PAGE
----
Using Both the Process Step Component and a Custom Step Component

You can also design your process implementation to be used with the Process Component and a custom component at the same time. It is then up to the implementation to find out how the process is called and treat the arguments accordingly. You can find out if the process is called from the Process Component by testing for the PROCESS_ARGS key. The following snippet should give you an idea:

Scripts and Process Arguments

Within a script for a Process Step component, arguments are available through the args object.

When creating a custom step component, the object metaData is available in a script. This object is limited to single string argument. 

Creating a Custom Step Component

This section walks you through the steps of creating a custom step component. It shows how to create a step component that allows to set a few arguments, and a process step that writes the values of the arguments into the log file:

  1. Copy the noopprocess at /libs/cq/workflow/components/workflow/noopprocess to /apps/cq/workflow/components/workflow/loggerprocess
  2. Change the jcr:title and jcr:description properties of /apps/cq/workflow/components/workflow/loggerprocess accordingly.
  3. Go to the cq:formParamters node at /apps/cq/workflow/components/workflow/loggerprocess/cq:editConfig/cq:formParameters
  4. Change the jcr:title and jcr:description properties accordingly.
  5. Change the PROCESS property to the step implementation: let's assume com.day.cq.workflow.impl.process.LoggerProcess
  6. Change the title property of the dialog node at /apps/cq/workflow/components/workflow/loggerprocess/dialog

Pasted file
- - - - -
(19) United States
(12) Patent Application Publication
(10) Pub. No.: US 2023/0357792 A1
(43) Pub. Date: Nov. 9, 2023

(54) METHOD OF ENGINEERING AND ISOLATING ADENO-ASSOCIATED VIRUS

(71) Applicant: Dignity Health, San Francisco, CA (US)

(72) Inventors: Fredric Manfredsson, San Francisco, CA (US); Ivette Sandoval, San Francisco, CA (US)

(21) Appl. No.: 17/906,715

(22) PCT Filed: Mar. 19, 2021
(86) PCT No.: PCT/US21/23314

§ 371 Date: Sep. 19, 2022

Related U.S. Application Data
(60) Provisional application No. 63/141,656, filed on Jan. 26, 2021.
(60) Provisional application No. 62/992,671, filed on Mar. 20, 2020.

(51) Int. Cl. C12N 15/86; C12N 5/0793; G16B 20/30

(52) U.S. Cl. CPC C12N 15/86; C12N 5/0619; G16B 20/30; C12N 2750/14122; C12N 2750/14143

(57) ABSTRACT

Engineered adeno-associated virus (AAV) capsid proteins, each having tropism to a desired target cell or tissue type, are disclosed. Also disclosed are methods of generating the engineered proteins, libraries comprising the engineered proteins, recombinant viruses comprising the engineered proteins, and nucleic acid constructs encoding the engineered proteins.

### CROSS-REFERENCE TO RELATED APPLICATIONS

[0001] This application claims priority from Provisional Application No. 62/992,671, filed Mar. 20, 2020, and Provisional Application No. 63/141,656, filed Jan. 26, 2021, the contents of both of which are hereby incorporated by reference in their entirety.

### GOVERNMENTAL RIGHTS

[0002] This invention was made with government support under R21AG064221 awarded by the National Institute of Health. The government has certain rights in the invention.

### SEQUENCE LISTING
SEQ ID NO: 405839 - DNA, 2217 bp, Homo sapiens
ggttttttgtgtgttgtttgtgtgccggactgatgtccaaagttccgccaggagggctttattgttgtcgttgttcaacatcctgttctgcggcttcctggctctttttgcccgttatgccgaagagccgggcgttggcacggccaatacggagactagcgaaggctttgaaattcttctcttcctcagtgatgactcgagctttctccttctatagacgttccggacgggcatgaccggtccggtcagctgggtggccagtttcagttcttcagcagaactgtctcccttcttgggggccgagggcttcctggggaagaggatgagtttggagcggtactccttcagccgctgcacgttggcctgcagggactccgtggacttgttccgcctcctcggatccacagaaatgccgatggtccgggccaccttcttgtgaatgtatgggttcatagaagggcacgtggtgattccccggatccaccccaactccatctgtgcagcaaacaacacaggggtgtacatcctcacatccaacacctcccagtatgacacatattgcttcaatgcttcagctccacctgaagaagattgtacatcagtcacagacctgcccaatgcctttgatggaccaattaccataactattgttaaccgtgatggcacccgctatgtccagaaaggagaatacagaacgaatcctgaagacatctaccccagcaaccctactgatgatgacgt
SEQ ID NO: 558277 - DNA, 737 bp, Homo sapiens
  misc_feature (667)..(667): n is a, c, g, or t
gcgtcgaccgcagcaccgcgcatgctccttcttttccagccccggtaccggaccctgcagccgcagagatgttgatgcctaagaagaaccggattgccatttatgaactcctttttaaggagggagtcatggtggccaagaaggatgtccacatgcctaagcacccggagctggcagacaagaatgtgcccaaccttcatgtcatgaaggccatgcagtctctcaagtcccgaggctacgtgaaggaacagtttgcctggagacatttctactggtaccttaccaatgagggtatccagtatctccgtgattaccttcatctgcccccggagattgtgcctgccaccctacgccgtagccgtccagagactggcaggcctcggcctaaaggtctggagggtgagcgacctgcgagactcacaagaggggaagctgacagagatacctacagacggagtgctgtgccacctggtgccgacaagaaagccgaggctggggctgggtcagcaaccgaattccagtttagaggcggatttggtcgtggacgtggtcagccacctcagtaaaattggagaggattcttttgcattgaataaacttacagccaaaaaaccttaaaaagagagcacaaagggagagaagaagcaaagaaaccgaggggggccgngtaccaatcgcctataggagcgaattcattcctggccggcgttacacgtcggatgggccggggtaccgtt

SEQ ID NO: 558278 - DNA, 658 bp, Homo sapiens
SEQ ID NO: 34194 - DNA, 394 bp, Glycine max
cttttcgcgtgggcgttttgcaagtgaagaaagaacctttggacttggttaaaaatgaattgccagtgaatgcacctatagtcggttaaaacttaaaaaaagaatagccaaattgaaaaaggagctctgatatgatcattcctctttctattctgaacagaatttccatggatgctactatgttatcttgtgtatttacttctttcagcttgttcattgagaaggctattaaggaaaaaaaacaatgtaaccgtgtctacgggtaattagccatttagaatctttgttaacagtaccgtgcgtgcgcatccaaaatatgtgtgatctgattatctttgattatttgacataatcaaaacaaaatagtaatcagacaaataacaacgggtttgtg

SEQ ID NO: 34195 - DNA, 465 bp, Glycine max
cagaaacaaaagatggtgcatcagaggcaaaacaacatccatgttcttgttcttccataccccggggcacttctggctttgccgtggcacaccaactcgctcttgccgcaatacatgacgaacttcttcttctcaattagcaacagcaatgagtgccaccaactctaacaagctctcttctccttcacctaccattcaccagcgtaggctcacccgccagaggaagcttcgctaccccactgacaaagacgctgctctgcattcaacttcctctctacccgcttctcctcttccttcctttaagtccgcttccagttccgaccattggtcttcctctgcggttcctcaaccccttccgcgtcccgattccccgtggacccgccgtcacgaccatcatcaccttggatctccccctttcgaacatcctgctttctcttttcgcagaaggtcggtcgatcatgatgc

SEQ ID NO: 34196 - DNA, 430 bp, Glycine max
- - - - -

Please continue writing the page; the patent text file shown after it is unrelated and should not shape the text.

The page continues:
7. Change the path property of the processargs node at /apps/cq/workflow/components/workflow/loggerprocess/dialog/items/tabs/items/processargs and set it to /apps/cq/workflow/components/workflow/loggerprocess/processargs.infinity.json
  8. Add the argument widgets below /apps/cq/workflow/components/workflow/loggerprocess/processargs/items/arguments/items
  9. Add a text field widget and set the name property to ./metaData/argSingle
  10. Add a multifield widget and set the name property to ./metaData/argMulti
The Logger Process component is added to the Sidekick as follows:

file

Add the Logger Process to your workflow model and open the edit dialog. It looks similiar to the following:

file

Let's continue by creating the com.day.cq.workflow.impl.process.LoggerProcess implementation. See here for details about creating a Java based process step:

Custom Step Components for Participant Choosers

To create a custom dynamic participant chooser component, the same process described in the Creating a Custom Step Component section  applies except that at step 5, the property to reference the participant chooser implementation needs to be called DYNAMIC_PARTICIPANT instead of PROCESS.

Defining a Participant Step: with a Java class


To define a participant step as an OSGI service component (Java bundle):

  1. The OSGI component needs to implement the ParticipantStepChooser interface with its getParticipant() method. See the example code below. 
    Create the bundle and deploy it into the OSGI container. Refer to the documentation about creating a bundle with CRXDE LiteCRXDE or Eclipse.
    Note: The package name needs to be added to the <Private-Package> section of the maven-bundle-plugin configuration.
  2. Add the SCR property "chooser.label" and set the value as you please. This will be the name as which your participant chooser is listed, using the Dynamic Participant Step component. See the example below.
  3. In the CQ Workflow console, add the dynamic participant step to the workflow using the generic Dynamic Participant Step component.
  4. In the edit dialog select the Participant Chooser tab and select your chooser implementation.
  5. If  you use arguments in your code set the Process Arguments. For this example: /content/geometrixx/en.